October 26, 2016 Weekly Crop & Weather Update
Below you will find the daily maximum and minimum air temperatures, growing degree units (GDUs), and 24-hour precipitation amounts for this week. These values are recorded at 8 AM and reflect the conditions for the previous 24-hour period (8 AM to 8 AM) at the Southern Research & Outreach Center, Waseca.
|Air Temp (oF)||Precip||Soil Temp|
Warmer and wetter than normal conditions returned to southern Minnesota this week, and that has been a consistent theme for this season. Temperature averaged 47.2 degrees or 1.9 degrees warmer than normal. Rainfall totaled 1.34 inches, which is 0.86 inch more than normal. Soil temperature ended the week averaging near 50 degrees.
Last year this week was warm and dry when temperature averaged 52.5 degrees and 0.29 inch of rain fell.
Before the one rain event this week, we enjoyed a 10-day streak with only 0.05 inch of rain. Much of the crop is now harvested. Some corn is coming out of the field at 15 percent moisture and needs very little if any drying. Most of the field activity now will be tillage and fertilizer applications. Long-term records indicate that soil temperatures will stay below 50 degrees from now through fall so application of fertilizer nitrogen can begin in southern Minnesota. Remember fall application of nitrogen is not an acceptable practice in southeast Minnesota.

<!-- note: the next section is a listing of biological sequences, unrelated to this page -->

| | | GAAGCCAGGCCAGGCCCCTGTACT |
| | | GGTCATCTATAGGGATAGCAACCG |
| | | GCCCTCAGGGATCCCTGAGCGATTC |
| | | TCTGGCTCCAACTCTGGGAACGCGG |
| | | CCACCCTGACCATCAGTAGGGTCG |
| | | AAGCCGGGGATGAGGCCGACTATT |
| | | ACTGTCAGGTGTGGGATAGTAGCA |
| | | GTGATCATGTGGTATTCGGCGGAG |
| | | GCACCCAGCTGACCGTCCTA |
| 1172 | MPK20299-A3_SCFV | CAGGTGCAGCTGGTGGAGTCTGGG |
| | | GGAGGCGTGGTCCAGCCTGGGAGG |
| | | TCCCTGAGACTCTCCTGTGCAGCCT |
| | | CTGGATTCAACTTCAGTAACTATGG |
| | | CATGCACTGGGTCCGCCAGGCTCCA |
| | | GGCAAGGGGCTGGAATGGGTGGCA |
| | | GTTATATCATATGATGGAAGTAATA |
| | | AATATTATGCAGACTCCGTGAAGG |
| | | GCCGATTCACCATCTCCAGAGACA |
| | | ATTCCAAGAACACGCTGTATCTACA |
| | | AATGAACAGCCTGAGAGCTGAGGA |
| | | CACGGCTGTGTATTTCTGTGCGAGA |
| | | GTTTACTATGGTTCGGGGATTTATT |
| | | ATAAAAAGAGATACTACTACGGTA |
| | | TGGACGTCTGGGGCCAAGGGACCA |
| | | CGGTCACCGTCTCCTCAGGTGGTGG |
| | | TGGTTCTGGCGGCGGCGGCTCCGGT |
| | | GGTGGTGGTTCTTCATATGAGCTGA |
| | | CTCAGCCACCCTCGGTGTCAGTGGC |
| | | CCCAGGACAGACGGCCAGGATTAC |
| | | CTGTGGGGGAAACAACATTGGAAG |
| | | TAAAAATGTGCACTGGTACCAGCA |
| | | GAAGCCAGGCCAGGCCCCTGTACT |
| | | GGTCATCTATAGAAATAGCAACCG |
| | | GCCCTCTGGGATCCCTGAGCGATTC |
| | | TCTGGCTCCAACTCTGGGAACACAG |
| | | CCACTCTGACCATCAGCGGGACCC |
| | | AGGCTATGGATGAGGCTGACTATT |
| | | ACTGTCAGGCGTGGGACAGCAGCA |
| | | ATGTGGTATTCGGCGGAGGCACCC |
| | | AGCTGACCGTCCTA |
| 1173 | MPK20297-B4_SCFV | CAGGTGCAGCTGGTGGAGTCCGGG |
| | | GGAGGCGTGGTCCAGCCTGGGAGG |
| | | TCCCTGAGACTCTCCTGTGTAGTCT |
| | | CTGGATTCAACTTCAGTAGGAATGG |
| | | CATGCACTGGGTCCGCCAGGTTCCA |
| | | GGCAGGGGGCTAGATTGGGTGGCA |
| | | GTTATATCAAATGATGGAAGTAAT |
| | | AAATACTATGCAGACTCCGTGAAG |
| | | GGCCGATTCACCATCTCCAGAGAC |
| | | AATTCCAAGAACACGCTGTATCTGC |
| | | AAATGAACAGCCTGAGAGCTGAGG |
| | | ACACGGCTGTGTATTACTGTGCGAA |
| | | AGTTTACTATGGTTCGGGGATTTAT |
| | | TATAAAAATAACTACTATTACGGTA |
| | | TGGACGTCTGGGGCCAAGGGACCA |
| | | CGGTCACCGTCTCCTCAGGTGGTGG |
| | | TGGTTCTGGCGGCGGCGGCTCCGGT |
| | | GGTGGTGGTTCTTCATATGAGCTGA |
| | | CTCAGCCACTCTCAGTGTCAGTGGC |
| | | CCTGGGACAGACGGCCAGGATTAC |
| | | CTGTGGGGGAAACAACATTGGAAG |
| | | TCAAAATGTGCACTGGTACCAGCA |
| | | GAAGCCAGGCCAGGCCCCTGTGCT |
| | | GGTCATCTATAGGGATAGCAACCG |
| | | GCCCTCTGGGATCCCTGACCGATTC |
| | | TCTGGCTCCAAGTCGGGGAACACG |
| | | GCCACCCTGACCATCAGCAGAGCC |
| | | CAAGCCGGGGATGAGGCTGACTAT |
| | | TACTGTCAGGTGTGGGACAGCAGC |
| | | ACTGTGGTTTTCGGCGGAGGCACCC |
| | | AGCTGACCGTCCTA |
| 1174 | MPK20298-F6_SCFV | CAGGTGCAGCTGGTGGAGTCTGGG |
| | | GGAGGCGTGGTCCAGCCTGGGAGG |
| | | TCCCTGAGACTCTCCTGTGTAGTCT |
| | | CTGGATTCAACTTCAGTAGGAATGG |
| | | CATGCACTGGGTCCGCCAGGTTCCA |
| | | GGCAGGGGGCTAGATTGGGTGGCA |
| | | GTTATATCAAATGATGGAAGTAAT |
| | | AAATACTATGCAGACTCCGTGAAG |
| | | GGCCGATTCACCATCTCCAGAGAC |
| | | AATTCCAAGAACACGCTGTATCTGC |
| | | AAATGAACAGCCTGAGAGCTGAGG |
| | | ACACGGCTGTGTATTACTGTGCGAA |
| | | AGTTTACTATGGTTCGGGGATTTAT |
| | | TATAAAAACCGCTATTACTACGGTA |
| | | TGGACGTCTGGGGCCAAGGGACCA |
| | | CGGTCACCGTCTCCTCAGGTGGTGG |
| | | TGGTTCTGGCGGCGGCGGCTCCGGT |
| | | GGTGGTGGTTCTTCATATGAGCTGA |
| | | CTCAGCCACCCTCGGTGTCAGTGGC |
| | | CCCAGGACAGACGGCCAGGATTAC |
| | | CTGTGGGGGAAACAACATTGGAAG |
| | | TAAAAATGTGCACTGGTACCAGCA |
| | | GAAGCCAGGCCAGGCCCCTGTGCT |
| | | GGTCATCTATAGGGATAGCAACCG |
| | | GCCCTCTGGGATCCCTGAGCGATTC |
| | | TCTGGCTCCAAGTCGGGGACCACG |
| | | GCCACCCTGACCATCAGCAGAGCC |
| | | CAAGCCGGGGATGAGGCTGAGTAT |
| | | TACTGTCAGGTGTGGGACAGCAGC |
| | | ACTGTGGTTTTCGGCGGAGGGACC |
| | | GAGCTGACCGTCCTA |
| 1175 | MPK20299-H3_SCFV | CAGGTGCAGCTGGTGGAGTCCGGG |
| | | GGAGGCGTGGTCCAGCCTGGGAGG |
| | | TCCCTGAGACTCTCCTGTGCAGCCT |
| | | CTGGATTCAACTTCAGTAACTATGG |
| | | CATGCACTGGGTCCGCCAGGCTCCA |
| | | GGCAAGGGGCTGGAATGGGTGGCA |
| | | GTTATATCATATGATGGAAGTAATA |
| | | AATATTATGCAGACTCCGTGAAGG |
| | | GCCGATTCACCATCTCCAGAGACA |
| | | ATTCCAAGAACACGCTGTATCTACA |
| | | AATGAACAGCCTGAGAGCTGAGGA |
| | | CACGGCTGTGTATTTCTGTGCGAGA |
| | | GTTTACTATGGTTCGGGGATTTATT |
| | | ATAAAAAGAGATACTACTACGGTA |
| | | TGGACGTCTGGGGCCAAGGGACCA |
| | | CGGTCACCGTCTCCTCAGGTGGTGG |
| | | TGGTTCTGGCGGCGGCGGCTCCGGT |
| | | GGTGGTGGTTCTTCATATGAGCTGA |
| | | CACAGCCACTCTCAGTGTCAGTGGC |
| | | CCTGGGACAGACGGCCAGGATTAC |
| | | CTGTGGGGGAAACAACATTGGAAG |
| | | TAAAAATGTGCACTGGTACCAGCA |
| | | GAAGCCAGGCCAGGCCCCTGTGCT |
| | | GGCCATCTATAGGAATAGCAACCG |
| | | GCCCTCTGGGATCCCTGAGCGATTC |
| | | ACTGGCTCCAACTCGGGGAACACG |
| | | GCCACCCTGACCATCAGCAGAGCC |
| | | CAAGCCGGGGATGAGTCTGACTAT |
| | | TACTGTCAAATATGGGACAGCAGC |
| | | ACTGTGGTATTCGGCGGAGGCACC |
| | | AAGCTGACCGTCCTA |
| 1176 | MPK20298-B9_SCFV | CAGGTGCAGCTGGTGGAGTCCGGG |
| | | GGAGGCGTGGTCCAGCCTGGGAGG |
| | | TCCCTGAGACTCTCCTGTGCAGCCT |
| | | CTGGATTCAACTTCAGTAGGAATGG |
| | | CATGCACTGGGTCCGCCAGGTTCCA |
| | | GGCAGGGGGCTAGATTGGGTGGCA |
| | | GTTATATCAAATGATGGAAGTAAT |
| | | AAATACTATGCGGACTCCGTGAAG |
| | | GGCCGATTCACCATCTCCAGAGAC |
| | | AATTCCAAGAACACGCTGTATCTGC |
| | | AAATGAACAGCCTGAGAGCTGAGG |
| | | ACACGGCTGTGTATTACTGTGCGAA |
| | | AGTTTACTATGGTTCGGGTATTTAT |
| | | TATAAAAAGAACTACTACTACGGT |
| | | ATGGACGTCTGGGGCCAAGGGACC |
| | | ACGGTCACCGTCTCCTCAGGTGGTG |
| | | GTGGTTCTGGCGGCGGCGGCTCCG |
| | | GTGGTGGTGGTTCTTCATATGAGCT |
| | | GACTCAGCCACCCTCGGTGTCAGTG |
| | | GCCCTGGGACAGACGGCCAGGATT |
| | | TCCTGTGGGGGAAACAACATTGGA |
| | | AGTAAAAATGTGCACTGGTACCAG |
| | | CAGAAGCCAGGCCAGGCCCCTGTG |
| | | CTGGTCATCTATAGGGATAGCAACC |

We just experienced the wettest growing season on record and managed to get a good crop of both corn and soybean in. We were fortunate that most of the rain came after the middle of July. If rainfall would have been as much above normal in April through June as it was in July through September, crop production would have suffered much more.
We set many rainfall records this year and have but one yet to set. The state record for annual precipitation (January through December) is 53.52 inches set at St. Francis in 1991. Our current year to date precipitation is 52.33 inches with two months to go. It is very likely we will break this record. This will be the last edition of the crop weather update for the 2016 season with one exception, we will send out an update if (when) we break the state precipitation record. Look for us again in the spring of 2017 as we look forward to another season.